Horse Lineage to Clydesdales

Throughout history the use of horses for not only motility and trade routes but also as an offence for battle, a handy force in agricultural, and for sport and riding pleasure has been seen around the world??™s countries in many different ways. From these hundreds of registered breeds of horses, ponies, and drafts comes a history unique to every breed that resides in the breeds own homelands. However, even the different species of horses in all shapes and sizes has a common ancestor that unites the characteristics that define the horses globally. Taking the perceived body structure from this prehistoric ancestor through bones and fossil remains, it is hard to see the pathway of adaptations that the horse has taken to become the lovable pintos and ponies that live in our world today. Even more so is that this ancestor had essay writer service???given birth??™ to the draft horses, more than five times their size.
The earliest horse recorded is Eohippus, as stated by The Encyclopedia of the Horse by Elwyn Hartley Edwards (1994), the Dawn Horse that roamed the Americas as a browser some 60 million years ago, even before the dawn of mankind. Very unlike the modern day horses, Eohippus was small, only 14 inches tall, and was a four toed animal thought to look more deer like, with light brown coloring, and spots covering its coat. To combat changing habitat and atmosphere??™s the species grew slowly; evolving into Mesohippus, a three toed ancestor that lived 35 to 40 million years ago. This ancestor was relatively bigger, being about 18 inches tall, and had the beginnings of premolar or incisor teeth. Therefore Mesohippus could live off of a greater variety of foliage, though this species is still classified as browsers. These loss of toes, are thought to be an adaption to the change of ground conditions of through the time periods, as the glaciers moved in the ground became firmer, and a new body structures were needed.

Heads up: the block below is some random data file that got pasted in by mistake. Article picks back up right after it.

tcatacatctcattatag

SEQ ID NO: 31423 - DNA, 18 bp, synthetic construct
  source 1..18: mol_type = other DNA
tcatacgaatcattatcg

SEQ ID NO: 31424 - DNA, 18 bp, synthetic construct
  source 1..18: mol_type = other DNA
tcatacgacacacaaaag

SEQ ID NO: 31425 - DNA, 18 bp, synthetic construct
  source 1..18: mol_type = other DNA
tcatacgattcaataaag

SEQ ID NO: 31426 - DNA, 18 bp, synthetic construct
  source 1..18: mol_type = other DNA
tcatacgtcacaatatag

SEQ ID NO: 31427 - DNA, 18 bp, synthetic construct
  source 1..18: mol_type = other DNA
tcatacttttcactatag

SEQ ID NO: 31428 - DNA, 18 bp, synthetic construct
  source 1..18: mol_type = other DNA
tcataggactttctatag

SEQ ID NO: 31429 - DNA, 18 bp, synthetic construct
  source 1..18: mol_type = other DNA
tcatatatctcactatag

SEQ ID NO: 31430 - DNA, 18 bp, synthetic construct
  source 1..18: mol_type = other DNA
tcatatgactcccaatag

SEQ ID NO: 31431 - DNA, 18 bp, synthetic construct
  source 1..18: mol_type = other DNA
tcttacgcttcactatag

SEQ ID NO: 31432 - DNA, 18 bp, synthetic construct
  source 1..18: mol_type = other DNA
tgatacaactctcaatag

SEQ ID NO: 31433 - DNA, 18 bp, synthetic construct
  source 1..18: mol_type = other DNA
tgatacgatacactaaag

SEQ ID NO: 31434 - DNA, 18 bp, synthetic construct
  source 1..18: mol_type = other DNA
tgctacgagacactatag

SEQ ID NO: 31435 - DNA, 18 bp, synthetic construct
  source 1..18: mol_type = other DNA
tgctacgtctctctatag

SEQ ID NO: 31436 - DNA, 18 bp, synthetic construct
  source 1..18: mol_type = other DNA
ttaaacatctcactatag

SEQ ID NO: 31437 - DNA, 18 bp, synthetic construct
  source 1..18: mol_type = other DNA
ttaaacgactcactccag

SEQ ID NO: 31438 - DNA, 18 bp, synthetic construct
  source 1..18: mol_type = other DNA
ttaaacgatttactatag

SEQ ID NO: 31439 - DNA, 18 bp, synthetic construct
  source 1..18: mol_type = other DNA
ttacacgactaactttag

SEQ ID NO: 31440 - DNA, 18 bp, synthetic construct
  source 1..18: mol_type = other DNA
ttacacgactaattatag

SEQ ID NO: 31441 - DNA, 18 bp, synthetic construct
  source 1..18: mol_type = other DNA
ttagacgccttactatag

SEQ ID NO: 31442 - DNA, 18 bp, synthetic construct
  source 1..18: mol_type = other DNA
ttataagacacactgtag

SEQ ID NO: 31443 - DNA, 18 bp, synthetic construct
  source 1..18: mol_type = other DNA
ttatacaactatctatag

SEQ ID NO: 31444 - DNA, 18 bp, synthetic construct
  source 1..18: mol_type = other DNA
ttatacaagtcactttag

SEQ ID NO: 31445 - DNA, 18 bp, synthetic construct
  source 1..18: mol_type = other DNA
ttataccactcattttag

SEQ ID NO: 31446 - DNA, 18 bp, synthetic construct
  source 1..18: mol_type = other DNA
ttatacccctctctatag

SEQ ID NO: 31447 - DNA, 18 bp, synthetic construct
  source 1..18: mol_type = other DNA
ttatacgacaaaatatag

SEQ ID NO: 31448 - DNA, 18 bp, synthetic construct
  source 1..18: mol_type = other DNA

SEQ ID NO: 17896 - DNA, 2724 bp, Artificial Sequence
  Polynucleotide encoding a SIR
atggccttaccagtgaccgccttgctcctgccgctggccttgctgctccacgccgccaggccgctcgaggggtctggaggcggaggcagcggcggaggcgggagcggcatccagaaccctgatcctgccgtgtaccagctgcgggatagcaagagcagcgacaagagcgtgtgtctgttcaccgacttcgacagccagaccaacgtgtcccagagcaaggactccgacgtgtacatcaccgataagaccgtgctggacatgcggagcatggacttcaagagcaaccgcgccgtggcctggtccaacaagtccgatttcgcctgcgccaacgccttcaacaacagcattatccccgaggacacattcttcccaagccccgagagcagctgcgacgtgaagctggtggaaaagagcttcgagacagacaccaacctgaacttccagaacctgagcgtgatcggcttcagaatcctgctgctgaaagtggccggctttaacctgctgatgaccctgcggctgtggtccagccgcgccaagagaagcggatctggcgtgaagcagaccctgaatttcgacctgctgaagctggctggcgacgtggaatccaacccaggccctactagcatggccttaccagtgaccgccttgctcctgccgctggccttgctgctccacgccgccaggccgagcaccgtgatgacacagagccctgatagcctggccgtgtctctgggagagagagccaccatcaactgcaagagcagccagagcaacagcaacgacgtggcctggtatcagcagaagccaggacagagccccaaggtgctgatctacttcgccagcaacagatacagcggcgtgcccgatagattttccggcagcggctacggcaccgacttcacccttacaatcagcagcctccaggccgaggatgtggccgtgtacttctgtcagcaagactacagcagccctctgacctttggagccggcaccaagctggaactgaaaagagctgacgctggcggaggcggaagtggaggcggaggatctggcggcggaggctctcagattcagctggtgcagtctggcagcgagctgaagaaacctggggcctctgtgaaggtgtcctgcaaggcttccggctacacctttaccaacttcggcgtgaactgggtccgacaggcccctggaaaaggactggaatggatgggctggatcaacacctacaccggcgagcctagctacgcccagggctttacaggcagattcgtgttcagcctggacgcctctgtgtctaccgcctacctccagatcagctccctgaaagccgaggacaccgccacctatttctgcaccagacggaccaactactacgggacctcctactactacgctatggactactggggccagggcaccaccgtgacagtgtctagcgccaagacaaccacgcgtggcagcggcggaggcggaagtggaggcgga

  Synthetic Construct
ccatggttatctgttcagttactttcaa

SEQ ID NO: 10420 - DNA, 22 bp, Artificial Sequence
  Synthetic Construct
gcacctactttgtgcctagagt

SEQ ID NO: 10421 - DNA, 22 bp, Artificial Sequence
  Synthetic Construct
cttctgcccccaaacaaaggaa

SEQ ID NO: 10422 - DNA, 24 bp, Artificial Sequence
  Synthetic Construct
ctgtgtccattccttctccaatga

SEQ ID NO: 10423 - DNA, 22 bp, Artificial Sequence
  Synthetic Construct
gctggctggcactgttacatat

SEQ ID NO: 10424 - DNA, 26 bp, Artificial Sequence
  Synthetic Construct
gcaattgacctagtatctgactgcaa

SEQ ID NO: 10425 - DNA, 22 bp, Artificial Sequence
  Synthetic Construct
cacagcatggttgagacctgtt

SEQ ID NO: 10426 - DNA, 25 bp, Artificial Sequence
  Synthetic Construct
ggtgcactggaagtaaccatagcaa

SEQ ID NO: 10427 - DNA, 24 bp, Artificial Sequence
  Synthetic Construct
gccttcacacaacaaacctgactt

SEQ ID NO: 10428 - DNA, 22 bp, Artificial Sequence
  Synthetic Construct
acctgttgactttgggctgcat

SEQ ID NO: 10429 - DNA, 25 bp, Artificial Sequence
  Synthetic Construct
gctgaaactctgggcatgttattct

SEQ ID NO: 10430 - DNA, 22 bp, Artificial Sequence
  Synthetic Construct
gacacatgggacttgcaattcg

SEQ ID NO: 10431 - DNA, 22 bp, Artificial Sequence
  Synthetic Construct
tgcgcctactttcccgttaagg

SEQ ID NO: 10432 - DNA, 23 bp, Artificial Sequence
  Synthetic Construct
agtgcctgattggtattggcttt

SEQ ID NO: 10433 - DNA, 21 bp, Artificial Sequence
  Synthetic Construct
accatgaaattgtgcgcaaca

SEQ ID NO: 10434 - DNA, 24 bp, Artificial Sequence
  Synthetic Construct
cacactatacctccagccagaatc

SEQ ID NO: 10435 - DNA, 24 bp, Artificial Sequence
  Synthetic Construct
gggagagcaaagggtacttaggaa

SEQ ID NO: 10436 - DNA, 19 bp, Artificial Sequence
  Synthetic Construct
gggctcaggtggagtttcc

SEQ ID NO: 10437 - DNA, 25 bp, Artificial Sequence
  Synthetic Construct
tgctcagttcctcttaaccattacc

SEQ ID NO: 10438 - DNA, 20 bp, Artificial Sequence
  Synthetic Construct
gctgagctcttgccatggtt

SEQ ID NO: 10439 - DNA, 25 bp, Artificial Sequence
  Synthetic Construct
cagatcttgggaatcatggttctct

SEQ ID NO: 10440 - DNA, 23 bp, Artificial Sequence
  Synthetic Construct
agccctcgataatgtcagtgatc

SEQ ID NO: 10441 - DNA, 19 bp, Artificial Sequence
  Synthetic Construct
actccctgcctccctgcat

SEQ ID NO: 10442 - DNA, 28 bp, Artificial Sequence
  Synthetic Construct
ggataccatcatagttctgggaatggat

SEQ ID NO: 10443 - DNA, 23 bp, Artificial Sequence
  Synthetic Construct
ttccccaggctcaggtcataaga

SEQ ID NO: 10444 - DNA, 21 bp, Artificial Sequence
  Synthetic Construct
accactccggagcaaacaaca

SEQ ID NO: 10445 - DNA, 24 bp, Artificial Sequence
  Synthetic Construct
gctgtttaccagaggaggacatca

Between Mesohippus and the next more important ancestor the species grew in height to increase motility for migrations and survival. Also, the eye placement on the face adapted farther to the side when the skull enlarged to improve the animal??™s lateral vision. Not to mention their spotting all but disappeared due to all of these adaptations had improved the species defensive systems. Merychippus, also a three toed ancestor grew to the height of about 30 inches and was finally the size of a small pony; this creature came about between the periods of 20 to 25 million years ago and became the first grazers of the species having their teeth fully adapted to the grinding motion of a grazer. The line of horses finally had a one toed ancestor about six million years ago, Pliohippus. Pliohippus is also the ancestor for the relations to the horses: the donkey, zebras, and wild asses.
From the Americas this ancestor spread itself over the land masses using naturally occurring land bridges. Into Europe, Asia, and Africa and remained until the end of the Ice Age in 9000 B.C. However, because of the disappearances of the land bridges the isolated horse populations in North America unexpectedly and unanswerably became extinct on this continent until the reintroduction of horses by the Spanish in the 16th century. From the remaining population of Pliohippus and the first true Equus ancestor sprung several geographical separations that would eventually build the breeds that began in different the different areas. For the tundra that lied in the north, The Tundra Horse was its inhabitant; for the more eastern continental horses, especially Asia, The Asian Wild Horse became the ancestor; and for the European area came the ancestor for the modern day draft horses and the heavier horse breeds, The Forest Horse. The Forest Horse itself was thick legged and heavy bodied, being about 14 to 15 hands tall and weighing about 1200 pounds giving a prelude to its predecessor??™s build and temperament.